Garbage To Compete With Snow As City Trucks Divide Duty


Garbage is the new snow in New York City.

Bags of trash tower on the sidewalks outside apartment buildings, while garbage cans left buried since the city’s last pickup, on Christmas Eve, poke through dirty mounds of melting snow.

New Yorkers still cursing City Hall for seldom-seen plows after the Christmas weekend snowstorm are transferring their ire to garbage trucks, which will make their first reappearances on Monday. Alternate-side parking rules will still be suspended.

But the Sanitation Department said it would resume residential garbage collection — beginning Monday at 7 a.m. — in only a “limited” fashion.

“We will have 50 percent of normal collection trucks out,” said Keith W. Mellis, a department spokesman. “We still have 50 percent of the trucks out for snow-clearing operations.”

Those who get regular Monday garbage collection, he said, should put their trash (including Christmas trees) outside, but not items to be recycled. Workers will collect the bags. Eventually.

“We will be behind,” Mr. Mellis acknowledged. “We’re going to be working on Monday’s material on Tuesday. As soon as we finish Monday’s, we’ll get to Tuesday’s.”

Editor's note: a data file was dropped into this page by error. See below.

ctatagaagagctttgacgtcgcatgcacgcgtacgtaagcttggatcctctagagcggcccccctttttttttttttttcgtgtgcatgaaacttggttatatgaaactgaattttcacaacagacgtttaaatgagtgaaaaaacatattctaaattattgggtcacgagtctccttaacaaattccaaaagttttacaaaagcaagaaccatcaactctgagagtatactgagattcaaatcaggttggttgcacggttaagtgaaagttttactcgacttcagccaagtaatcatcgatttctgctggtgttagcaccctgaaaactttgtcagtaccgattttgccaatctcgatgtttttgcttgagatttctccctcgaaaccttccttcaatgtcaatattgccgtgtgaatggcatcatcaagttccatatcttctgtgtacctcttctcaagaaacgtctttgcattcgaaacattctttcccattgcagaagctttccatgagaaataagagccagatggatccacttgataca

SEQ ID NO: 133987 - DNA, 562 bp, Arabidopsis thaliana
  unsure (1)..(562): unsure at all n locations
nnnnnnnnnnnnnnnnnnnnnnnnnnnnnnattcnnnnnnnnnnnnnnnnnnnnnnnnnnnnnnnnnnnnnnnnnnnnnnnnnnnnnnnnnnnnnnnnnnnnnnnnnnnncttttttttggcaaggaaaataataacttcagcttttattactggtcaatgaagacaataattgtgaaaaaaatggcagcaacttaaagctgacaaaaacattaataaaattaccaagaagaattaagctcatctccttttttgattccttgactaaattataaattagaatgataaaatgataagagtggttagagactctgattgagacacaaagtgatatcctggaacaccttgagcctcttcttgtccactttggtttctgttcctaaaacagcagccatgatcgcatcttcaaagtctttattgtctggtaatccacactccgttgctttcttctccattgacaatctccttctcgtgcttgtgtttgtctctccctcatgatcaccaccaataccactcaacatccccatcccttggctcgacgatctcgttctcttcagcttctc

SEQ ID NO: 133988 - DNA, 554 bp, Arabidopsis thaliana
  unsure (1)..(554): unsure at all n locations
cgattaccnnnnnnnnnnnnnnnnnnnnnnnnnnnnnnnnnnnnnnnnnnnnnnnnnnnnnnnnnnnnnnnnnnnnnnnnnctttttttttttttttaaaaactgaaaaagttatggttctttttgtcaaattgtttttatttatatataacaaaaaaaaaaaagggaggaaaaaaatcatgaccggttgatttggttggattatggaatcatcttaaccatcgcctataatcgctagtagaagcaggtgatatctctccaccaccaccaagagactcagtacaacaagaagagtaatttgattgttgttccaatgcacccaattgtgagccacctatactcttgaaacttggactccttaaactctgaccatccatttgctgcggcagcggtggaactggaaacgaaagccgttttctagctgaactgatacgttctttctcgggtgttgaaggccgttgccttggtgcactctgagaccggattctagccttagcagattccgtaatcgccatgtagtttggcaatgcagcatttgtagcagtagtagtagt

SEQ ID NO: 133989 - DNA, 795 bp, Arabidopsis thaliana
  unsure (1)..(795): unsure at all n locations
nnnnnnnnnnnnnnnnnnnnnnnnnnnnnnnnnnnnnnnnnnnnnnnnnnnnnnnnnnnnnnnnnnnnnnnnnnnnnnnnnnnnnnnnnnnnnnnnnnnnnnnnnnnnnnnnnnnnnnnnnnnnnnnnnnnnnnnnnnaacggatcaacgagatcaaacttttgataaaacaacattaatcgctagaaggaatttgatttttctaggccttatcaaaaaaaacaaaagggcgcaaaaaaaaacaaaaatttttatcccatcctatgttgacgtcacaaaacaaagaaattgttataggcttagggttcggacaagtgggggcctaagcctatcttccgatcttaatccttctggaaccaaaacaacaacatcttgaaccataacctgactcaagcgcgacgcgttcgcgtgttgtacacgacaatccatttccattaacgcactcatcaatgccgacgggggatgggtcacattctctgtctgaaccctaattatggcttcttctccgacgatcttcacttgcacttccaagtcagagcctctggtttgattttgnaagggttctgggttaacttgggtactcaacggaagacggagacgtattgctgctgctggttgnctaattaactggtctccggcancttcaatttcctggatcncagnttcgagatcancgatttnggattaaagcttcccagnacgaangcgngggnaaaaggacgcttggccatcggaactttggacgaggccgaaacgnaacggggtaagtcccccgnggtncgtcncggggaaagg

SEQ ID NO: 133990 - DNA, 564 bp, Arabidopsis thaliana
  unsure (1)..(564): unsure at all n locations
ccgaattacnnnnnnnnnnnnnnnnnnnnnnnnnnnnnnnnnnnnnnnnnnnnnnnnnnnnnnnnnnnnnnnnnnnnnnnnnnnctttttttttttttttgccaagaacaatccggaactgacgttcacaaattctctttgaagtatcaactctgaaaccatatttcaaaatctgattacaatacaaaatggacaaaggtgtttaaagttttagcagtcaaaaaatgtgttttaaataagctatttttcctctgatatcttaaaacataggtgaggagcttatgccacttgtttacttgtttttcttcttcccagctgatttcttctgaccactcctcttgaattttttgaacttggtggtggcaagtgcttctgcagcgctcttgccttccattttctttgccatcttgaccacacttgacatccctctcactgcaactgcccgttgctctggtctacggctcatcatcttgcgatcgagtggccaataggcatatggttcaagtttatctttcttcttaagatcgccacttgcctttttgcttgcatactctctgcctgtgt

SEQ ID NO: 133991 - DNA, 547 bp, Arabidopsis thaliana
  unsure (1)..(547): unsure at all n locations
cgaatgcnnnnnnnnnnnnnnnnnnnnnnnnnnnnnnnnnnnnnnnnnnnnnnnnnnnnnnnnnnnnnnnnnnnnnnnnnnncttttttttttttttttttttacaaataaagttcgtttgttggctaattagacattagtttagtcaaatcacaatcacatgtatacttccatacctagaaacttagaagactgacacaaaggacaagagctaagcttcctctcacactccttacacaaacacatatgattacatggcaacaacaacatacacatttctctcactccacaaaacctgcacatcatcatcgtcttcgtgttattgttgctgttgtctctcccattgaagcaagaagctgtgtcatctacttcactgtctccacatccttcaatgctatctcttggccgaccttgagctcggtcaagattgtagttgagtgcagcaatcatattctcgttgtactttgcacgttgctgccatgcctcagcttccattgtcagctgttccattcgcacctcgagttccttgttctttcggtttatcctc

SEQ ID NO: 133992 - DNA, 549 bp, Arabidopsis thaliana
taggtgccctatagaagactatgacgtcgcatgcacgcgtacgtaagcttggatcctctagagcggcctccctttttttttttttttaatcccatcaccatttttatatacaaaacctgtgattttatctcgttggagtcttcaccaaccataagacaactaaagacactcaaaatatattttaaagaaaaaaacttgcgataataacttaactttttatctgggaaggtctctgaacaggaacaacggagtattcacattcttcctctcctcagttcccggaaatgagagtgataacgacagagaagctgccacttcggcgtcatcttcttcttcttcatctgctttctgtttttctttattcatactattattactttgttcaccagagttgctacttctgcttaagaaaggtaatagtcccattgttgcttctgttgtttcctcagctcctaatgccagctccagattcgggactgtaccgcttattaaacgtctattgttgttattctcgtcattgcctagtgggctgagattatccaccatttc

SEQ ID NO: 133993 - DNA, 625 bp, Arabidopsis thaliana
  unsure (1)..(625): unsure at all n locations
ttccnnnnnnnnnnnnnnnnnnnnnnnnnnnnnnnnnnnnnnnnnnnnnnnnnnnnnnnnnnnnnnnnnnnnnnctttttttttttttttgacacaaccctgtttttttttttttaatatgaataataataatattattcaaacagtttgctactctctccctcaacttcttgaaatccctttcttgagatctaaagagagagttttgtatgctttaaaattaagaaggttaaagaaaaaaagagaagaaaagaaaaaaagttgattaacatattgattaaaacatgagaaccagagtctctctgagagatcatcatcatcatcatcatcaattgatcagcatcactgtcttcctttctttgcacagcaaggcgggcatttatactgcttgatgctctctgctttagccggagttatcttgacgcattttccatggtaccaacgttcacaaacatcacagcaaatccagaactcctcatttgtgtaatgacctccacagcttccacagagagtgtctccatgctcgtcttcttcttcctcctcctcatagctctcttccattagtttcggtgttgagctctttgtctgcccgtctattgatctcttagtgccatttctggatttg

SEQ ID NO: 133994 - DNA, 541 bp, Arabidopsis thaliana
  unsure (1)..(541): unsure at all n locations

He added that he could not say exactly when trash would be collected because that depended on which districts needed more crews to remove snow. The lack of specifics left some city leaders fuming.

“It could mean too much garbage will end up being on our streets for too long, and the likelihood of rat and health issues arising will increase with each passing day,” City Councilman James Vacca, a Bronx Democrat, said in an e-mail. “If these problems occur, those who thought snow removal was problematic will have seen nothing yet.”

Councilman Vincent Ignizio, a Republican from Staten Island, said in an e-mail that the trash problem was “just the continuation of a poorly implemented snow-removal plan.”